Heavy-handed first-outing political thriller with a kitchen-sink plot.
Shortly after the ocean liner Crescent Queen, carrying a large group of American high-school students, is obliterated by a hydrogen bomb while cruising the Mediterranean, a mysterious random illness strikes worldwide, rendering its victims instantly paralyzed. Many believe that both bomb and disease are the work of terrorists, probably linked. Rabid right-wing demagogue Colin Goss, meanwhile, capitalizes on public fear to hammer the current administration and raise his own political profile—while Kennedyesque Senator Michael Campbell, son of venerable retired politico Judd Campbell, defends the president. When the vice president is felled by the mysterious “Pinocchio syndrome,” Michael’s name is floated as a possible replacement. Indeed, his telegenic wife Susan receives a series of anonymous calls forecasting her husband’s political rise. Though she loves Michael, the two are currently having sexual problems, Michael satisfying himself with discreet mistress Leslie. It’s not until the vice president’s announced successor also succumbs to the syndrome that Susan discloses the secret calls, confiding in Michael’s oldest friend and fellow Harvard alumnus Joe Kraig, now a CIA agent. Meanwhile, brilliant, driven freelance reporter Karen Embry crisscrosses the globe ferreting out the origins of the epidemic and probing its possible link to international terrorists (Osama bin Laden makes a cameo appearance in a cave) or to a domestic enemy. The reader learns that Goss is the mastermind behind Pinocchio and that Michael is his secret protégé. After another choice for veep dies, this time in a suspicious accident, Michael gets the predicted call to serve. Just as it seems that the plot is tightening with this group of players, it takes an abrupt turn with the kidnapping of Susan Campbell by an apparently left-wing entity—and, with inside info and a head start, Joe and Karen are instrumental in exposing the nefarious plot(s) and finding Susan.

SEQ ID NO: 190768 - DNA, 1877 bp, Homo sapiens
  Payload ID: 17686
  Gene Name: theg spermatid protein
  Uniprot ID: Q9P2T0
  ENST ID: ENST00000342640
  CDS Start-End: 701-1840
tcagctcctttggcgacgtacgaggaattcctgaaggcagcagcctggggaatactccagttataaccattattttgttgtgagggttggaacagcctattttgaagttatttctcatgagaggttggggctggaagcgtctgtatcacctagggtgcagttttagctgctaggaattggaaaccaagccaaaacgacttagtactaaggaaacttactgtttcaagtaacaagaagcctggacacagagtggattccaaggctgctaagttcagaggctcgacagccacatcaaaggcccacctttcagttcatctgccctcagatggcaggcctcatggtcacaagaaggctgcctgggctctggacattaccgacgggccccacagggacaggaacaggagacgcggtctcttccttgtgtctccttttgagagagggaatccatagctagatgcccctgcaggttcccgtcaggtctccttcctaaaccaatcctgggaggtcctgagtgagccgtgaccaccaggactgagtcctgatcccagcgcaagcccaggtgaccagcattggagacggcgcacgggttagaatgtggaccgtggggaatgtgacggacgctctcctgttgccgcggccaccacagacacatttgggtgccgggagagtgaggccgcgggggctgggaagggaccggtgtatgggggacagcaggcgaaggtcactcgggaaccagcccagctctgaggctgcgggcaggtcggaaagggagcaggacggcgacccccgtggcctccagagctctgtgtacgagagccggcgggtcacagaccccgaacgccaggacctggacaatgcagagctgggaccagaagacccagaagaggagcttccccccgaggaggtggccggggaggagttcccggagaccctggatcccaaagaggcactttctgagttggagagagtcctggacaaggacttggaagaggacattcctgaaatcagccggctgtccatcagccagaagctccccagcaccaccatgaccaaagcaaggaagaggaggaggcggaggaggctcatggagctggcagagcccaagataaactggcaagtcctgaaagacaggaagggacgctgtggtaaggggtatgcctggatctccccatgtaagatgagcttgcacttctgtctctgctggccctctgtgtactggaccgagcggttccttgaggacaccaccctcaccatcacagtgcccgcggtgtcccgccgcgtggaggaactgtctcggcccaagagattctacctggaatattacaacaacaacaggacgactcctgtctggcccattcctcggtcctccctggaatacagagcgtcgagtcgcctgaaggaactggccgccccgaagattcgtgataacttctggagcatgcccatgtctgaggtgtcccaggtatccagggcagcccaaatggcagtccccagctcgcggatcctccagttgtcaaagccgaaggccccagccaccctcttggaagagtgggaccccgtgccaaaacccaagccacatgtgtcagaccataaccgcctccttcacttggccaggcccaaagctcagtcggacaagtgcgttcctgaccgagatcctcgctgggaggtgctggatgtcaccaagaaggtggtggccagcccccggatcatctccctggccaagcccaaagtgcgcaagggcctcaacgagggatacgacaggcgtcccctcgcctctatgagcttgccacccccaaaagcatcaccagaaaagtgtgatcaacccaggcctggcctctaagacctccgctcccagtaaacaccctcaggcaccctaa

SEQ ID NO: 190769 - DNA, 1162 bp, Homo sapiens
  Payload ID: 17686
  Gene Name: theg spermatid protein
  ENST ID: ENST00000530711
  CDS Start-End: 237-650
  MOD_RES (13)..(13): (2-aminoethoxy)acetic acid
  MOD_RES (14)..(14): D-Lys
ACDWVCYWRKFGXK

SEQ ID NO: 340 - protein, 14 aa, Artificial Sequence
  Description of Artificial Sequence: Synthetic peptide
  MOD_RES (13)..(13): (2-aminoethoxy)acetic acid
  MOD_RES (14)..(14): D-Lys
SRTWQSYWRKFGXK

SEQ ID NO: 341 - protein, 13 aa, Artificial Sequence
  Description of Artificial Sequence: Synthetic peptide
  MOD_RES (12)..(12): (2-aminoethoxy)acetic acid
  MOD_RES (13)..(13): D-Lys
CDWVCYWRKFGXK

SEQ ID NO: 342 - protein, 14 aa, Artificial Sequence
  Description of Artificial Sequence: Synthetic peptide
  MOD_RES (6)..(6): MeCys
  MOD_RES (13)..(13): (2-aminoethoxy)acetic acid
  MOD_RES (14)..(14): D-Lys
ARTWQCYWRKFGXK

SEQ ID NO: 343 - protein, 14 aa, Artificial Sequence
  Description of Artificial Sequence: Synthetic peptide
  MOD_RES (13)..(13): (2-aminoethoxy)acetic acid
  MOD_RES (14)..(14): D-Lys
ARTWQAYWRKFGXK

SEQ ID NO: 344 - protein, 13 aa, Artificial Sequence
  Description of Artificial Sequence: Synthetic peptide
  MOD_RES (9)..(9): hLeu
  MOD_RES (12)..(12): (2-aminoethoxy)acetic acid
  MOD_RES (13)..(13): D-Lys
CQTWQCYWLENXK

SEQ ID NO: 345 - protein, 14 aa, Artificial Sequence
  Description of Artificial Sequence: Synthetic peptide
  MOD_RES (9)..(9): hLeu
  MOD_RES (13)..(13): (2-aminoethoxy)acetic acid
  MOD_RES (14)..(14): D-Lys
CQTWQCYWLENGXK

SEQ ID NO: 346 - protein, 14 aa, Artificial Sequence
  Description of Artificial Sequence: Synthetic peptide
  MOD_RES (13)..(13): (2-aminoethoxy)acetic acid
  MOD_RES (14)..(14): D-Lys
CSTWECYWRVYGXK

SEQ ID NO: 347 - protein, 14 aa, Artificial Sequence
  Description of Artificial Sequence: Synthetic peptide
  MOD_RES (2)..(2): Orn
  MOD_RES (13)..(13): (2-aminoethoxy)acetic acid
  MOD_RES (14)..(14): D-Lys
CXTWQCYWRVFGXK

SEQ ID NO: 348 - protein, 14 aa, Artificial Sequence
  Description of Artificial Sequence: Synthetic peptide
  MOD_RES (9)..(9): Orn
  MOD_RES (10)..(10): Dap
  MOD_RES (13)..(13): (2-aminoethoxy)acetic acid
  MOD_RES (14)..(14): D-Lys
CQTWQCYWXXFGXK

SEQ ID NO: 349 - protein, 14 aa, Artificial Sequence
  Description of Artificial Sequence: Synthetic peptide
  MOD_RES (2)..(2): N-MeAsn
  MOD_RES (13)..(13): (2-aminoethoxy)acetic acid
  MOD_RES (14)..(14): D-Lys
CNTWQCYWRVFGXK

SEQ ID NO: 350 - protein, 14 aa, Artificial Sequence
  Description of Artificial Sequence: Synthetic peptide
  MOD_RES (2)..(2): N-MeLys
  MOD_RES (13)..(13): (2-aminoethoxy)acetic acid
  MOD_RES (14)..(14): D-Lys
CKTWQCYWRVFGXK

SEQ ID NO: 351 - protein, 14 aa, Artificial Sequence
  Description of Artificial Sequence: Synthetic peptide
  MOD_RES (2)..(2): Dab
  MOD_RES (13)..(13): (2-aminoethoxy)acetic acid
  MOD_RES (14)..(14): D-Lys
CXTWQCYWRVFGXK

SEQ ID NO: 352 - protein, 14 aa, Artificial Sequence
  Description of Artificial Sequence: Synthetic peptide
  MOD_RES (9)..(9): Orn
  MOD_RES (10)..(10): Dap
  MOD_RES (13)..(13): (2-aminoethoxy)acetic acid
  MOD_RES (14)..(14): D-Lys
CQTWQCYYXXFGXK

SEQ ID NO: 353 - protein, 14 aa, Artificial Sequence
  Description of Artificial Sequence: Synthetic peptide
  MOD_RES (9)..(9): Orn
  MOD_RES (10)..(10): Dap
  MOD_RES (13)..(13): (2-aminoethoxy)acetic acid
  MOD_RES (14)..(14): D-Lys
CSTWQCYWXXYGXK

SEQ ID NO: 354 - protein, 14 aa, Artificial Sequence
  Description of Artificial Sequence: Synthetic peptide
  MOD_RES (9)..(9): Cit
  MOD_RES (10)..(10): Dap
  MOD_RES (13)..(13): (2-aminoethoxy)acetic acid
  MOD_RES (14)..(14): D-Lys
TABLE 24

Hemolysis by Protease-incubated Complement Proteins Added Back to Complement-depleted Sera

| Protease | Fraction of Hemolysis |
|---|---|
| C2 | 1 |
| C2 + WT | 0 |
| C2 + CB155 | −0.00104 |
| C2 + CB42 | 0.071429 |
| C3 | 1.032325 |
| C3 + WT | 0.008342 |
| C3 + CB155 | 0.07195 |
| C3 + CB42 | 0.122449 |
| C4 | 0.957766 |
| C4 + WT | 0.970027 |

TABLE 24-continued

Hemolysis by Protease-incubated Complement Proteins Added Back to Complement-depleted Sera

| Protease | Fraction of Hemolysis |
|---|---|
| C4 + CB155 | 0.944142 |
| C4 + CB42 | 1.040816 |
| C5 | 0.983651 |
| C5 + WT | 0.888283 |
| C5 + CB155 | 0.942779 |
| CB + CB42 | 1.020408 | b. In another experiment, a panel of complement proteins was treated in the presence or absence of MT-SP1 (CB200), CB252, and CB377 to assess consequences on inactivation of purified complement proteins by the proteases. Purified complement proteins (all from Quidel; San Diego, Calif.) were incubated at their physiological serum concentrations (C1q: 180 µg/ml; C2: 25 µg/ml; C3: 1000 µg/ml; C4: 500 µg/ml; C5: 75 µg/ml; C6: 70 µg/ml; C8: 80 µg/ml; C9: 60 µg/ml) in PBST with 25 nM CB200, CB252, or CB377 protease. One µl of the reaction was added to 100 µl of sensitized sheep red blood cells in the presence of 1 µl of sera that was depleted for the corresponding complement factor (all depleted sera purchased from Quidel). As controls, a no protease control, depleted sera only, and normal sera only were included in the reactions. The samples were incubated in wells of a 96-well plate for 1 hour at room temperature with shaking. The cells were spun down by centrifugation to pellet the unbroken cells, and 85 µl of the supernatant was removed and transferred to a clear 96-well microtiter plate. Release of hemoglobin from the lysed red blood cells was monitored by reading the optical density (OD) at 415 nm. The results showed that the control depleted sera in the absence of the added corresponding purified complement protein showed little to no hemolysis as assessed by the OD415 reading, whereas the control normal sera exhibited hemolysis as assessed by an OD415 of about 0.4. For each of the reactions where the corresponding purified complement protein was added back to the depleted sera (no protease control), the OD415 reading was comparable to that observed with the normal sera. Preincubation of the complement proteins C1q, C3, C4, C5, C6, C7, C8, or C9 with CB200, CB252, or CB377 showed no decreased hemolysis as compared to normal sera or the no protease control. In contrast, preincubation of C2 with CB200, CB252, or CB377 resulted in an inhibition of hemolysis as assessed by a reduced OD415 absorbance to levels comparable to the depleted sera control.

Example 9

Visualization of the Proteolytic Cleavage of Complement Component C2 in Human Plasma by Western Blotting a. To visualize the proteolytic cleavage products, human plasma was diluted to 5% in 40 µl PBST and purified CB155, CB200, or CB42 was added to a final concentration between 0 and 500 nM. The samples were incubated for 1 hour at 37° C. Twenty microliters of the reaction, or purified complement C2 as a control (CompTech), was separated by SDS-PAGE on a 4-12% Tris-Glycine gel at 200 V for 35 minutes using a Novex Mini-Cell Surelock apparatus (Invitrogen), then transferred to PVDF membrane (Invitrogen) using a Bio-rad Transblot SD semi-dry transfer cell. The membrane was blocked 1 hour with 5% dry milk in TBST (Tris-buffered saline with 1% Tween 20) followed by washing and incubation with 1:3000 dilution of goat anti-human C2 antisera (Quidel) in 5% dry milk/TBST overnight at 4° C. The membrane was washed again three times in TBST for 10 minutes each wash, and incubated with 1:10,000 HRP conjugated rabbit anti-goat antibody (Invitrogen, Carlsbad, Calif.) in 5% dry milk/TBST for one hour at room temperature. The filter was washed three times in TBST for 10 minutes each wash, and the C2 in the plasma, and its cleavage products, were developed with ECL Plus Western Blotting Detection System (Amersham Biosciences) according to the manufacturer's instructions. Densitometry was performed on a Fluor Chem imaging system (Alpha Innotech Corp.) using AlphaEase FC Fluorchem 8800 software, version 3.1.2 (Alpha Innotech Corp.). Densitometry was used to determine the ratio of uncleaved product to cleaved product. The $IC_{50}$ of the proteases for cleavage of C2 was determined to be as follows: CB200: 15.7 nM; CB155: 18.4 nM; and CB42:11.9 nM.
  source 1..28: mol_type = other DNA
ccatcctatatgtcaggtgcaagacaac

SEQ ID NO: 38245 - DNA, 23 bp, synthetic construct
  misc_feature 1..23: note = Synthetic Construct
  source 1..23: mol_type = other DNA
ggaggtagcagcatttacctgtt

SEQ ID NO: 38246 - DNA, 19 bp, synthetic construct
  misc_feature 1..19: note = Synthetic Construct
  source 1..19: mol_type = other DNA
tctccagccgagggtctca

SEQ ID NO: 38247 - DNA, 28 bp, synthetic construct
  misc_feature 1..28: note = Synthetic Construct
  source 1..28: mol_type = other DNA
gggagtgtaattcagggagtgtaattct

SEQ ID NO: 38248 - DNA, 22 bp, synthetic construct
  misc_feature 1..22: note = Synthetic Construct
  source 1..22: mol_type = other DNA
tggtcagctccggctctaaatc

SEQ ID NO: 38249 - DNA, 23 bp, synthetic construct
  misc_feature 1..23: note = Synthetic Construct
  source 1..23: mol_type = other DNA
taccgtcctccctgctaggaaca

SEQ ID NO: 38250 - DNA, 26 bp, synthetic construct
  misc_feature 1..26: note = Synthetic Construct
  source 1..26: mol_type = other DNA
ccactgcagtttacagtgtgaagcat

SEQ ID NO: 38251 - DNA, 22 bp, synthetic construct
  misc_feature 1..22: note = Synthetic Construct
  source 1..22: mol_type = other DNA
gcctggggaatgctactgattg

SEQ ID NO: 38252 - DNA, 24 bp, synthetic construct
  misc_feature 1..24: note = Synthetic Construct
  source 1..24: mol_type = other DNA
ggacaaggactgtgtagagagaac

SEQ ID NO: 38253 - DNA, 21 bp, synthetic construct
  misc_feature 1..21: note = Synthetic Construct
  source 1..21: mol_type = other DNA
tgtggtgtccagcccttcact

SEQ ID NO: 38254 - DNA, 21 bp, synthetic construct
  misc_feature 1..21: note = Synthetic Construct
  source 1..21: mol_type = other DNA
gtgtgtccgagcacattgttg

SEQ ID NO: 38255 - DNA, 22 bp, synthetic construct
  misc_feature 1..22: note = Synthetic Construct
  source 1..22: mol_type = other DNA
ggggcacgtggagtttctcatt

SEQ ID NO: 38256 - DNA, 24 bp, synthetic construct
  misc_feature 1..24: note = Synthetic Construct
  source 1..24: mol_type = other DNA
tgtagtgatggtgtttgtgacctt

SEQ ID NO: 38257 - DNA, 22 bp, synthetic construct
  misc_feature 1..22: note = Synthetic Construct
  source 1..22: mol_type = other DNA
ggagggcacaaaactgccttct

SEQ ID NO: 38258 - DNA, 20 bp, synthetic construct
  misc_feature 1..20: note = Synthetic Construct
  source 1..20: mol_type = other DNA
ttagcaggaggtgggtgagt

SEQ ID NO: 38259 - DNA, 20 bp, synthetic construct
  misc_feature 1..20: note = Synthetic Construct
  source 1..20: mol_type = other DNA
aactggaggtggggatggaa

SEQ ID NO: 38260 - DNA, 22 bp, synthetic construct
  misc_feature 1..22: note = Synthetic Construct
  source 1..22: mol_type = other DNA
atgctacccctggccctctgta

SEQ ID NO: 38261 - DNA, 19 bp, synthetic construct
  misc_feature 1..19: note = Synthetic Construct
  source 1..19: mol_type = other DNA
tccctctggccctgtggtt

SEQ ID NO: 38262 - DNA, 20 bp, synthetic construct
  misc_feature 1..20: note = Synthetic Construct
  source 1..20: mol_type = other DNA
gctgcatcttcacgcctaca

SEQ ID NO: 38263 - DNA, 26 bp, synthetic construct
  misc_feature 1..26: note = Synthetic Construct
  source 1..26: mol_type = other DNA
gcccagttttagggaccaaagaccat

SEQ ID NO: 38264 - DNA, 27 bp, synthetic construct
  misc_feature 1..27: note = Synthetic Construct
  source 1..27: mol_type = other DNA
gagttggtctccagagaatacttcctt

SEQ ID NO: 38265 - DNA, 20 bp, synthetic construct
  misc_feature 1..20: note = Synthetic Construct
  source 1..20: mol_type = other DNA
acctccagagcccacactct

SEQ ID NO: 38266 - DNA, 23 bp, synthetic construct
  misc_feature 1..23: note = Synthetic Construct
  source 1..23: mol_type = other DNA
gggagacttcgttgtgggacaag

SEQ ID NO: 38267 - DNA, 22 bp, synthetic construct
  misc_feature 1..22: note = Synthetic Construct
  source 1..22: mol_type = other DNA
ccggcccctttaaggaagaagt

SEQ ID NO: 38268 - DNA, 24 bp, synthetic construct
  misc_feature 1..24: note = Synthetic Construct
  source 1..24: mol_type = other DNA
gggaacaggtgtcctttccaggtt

Stiff prose and, despite the plentiful thriller ingredients, hard-to-believe characters.